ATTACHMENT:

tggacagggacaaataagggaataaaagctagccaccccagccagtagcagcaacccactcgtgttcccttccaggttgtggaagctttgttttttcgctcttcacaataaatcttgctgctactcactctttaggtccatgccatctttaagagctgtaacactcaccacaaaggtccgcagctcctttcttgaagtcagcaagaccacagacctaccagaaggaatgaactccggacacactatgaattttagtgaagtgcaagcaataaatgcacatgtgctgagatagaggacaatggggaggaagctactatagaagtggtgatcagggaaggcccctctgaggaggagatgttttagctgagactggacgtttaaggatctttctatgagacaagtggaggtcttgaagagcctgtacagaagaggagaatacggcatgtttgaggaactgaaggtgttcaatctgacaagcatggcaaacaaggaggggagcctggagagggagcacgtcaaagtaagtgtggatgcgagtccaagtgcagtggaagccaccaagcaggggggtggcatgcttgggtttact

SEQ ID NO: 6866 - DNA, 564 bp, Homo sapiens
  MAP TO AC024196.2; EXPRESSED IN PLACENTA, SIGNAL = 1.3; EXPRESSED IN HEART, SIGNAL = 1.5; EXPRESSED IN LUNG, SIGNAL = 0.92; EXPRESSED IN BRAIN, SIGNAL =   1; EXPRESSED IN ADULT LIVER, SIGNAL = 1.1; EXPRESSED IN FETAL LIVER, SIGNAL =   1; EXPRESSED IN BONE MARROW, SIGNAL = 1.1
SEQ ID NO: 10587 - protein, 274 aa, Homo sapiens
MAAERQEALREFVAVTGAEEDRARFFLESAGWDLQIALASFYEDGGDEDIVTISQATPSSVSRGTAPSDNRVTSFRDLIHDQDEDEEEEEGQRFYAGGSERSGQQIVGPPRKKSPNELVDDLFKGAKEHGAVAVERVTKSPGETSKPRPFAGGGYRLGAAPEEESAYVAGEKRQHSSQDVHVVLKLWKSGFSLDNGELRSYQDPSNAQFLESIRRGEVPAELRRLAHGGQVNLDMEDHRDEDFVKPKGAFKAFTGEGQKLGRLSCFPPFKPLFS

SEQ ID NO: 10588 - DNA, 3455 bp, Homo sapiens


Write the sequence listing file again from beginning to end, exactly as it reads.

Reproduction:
tggacagggacaaataagggaataaaagctagccaccccagccagtagcagcaacccactcgtgttcccttccaggttgtggaagctttgttttttcgctcttcacaataaatcttgctgctactcactctttaggtccatgccatctttaagagctgtaacactcaccacaaaggtccgcagctcctttcttgaagtcagcaagaccacagacctaccagaaggaatgaactccggacacactatgaattttagtgaagtgcaagcaataaatgcacatgtgctgagatagaggacaatggggaggaagctactatagaagtggtgatcagggaaggcccctctgaggaggagatgttttagctgagactggacgtttaaggatctttctatgagacaagtggaggtcttgaagagcctgtacagaagaggagaatacggcatgtttgaggaactgaaggtgttcaatctgacaagcatggcaaacaaggaggggagcctggagagggagcacgtcaaagtaagtgtggatgcgagtccaagtgcagtggaagccaccaagcaggggggtggcatgcttgggtttact

SEQ ID NO: 6866 - DNA, 564 bp, Homo sapiens
  MAP TO AC024196.2; EXPRESSED IN PLACENTA, SIGNAL = 1.3; EXPRESSED IN HEART, SIGNAL = 1.5; EXPRESSED IN LUNG, SIGNAL = 0.92; EXPRESSED IN BRAIN, SIGNAL =   1; EXPRESSED IN ADULT LIVER, SIGNAL = 1.1; EXPRESSED IN FETAL LIVER, SIGNAL =   1; EXPRESSED IN BONE MARROW, SIGNAL = 1.1
SEQ ID NO: 10587 - protein, 274 aa, Homo sapiens
MAAERQEALREFVAVTGAEEDRARFFLESAGWDLQIALASFYEDGGDEDIVTISQATPSSVSRGTAPSDNRVTSFRDLIHDQDEDEEEEEGQRFYAGGSERSGQQIVGPPRKKSPNELVDDLFKGAKEHGAVAVERVTKSPGETSKPRPFAGGGYRLGAAPEEESAYVAGEKRQHSSQDVHVVLKLWKSGFSLDNGELRSYQDPSNAQFLESIRRGEVPAELRRLAHGGQVNLDMEDHRDEDFVKPKGAFKAFTGEGQKLGRLSCFPPFKPLFS

SEQ ID NO: 10588 - DNA, 3455 bp, Homo sapiens